The True History of Space Nazis

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The first teaser for the sequel to Iron Sky came out this week and the internet by and large failed to give a shit.

That’s understandable. Critical consensus about the original Iron Sky, the science fiction comedy about the discovery of Nazi colonists living on the moon, was that it was a fantastic concept marred by the fact that it was a terrible, terrible movie. For those who missed it, the trailer is great. Skip the movie.

But enough about the failings of Hollywood. Let’s talk about space Nazis.

The novel concept behind the film’s premise isn’t actually that original. The idea that the Nazis had escaped to space and that UFOs were Third Reich war machines was a real part of ufology in its early days after the war. The Nazis really did apparently toy with the idea of saucer-shaped aircraft, and although there’s no evidence that they had a space program, Nazi scientists were interested in the concept of space travel (before they got distracted by the whole genocide thing.)

Some of the first UFO sightings to have been classified as “UFOs” were made by Allied fighter pilots during the war. Back then they were called “foo fighters,” unidentified and bizarre flying objects that went on to become a popular 90s rock band after they got bored of buzzing jet fighters. The actual reality of foo fighters is that they were probably mostly the same phenomenon that we attribute to UFOs today – reflections, lens flares, the light of Venus shining off some swamp gas, etc. But before they were attributed to aliens, witnesses thought that they might be some kind of hitherto unknown secret flight technology being tested by the Germans.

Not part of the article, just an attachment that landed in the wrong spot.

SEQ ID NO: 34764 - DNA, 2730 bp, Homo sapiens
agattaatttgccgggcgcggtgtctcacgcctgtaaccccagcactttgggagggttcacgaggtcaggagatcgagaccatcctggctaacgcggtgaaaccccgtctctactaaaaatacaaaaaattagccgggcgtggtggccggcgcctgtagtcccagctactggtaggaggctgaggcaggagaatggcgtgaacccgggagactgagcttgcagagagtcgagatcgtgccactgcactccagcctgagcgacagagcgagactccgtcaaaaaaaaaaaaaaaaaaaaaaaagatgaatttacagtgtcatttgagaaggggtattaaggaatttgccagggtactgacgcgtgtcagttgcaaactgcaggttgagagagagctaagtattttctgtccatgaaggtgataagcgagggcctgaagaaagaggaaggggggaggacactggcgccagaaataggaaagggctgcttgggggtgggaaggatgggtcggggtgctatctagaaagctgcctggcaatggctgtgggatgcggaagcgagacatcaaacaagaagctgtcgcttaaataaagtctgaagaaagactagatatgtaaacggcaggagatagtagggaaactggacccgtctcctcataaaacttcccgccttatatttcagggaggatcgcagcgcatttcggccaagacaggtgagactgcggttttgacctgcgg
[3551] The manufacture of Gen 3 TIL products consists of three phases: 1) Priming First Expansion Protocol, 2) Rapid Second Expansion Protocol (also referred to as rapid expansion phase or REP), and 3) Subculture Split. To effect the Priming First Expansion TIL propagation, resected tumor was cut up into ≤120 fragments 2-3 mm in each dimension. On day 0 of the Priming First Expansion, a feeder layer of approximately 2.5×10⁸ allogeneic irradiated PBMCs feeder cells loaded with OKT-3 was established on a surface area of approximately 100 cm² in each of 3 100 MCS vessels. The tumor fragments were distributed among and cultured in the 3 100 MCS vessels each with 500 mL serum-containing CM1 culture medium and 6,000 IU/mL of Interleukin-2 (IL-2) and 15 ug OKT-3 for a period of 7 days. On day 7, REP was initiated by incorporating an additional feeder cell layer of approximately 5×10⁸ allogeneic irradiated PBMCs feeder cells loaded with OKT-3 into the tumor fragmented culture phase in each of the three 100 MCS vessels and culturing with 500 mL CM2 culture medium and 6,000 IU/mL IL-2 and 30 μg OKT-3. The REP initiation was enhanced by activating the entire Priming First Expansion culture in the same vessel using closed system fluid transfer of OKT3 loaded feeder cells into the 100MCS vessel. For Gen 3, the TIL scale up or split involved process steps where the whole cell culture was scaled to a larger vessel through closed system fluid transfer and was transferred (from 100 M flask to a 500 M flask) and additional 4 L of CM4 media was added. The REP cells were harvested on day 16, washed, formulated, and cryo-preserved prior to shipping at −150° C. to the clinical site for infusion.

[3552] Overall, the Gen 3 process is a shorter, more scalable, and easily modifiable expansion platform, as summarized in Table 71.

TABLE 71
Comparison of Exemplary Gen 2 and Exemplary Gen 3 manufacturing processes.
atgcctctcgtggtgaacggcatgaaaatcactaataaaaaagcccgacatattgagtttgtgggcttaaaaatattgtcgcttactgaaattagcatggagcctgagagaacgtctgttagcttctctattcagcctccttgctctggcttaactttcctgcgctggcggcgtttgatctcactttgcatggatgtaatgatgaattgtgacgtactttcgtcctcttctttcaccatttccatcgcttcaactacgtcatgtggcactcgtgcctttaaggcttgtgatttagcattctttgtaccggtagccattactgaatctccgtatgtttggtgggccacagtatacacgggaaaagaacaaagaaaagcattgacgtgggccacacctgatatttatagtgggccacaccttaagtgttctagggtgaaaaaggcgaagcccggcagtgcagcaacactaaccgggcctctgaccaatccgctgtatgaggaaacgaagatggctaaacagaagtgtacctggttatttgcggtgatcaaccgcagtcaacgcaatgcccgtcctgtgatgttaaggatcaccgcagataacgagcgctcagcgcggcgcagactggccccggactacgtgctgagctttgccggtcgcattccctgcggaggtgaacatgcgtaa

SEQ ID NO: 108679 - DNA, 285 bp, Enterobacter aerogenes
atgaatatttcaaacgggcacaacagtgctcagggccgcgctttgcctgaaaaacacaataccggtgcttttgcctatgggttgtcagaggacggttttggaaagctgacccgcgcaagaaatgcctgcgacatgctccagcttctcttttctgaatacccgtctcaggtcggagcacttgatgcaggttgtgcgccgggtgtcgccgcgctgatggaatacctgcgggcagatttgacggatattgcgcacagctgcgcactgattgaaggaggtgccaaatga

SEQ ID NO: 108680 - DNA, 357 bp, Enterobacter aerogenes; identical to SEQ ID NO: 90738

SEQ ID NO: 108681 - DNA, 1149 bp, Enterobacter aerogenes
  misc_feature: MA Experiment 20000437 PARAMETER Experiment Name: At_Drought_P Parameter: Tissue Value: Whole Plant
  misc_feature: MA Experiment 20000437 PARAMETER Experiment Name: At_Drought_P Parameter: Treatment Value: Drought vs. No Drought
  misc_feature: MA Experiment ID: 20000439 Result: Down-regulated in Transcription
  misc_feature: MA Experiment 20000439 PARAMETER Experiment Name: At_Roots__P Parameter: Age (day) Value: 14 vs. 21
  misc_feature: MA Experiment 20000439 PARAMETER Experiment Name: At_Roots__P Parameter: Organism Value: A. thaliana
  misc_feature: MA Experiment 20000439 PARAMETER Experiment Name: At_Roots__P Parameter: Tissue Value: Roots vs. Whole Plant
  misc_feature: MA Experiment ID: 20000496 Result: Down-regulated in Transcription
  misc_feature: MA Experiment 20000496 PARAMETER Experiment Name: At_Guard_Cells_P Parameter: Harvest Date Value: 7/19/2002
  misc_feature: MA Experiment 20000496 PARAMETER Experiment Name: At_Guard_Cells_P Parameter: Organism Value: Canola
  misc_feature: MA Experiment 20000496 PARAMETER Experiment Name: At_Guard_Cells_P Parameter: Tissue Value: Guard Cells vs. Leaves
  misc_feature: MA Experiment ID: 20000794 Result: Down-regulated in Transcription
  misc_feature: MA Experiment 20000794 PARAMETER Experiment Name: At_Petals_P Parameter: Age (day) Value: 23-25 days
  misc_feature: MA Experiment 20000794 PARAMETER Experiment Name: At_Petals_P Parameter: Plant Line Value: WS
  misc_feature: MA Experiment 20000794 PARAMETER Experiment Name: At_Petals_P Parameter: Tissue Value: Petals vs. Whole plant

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Belief in Nazi UFOs persisted after the war, although it soon got mingled up with the growing pseudoscience of ufology and alien visitation. It’s a relatively obscure fact that Nazism in its early days was driven in part by the occult leanings of some German white supremacists. Cults existed in pre-war Germany that share some of the same roots as the modern New Age movement. The Thule society, whose members included some who would later become notable members of the Nazi party, believed that the white race owed its origins to refugees from Atlantis, and that they were naturally the superior race. Some believed that a far superior race of white Atlantians escaped underground, where they meddled in extremely advanced technology, which they provided to the Nazis to help them conquer the world.

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Some believe that the Nazis escaped after the war in their UFOs and set up secret bases in Antarctica and, yes, the moon. Prominent neo-Nazi Ernst Zundel believed that the Nazis were alive and well inside the hollow catacombs of the Earth, forever plotting, and that UFOs were really Nazi flying machines. Bulgarian “researcher” Vladimir Terziski believes that the Nazis landed on the moon as early as 1942 and have been in contact with aliens and/or subterranean supermen ever since. And as if there aren’t enough Nazis in our solar system already, they might also be on Mars.

The writers of Iron Sky were certainly aware of this mythology. Regarding the sequel, The Coming Race, the director has revealed that it draws from Hollow Earth theories about underground Nazis, and that it might involve “Adolf Hitler riding a dinosaur in the centre of the Earth.” As much as that sounds like more camp-for-the-hell-of-it geek bait like Nazi zombies or snakes on a plane, it’s fascinating to think how much of this people have actually believed.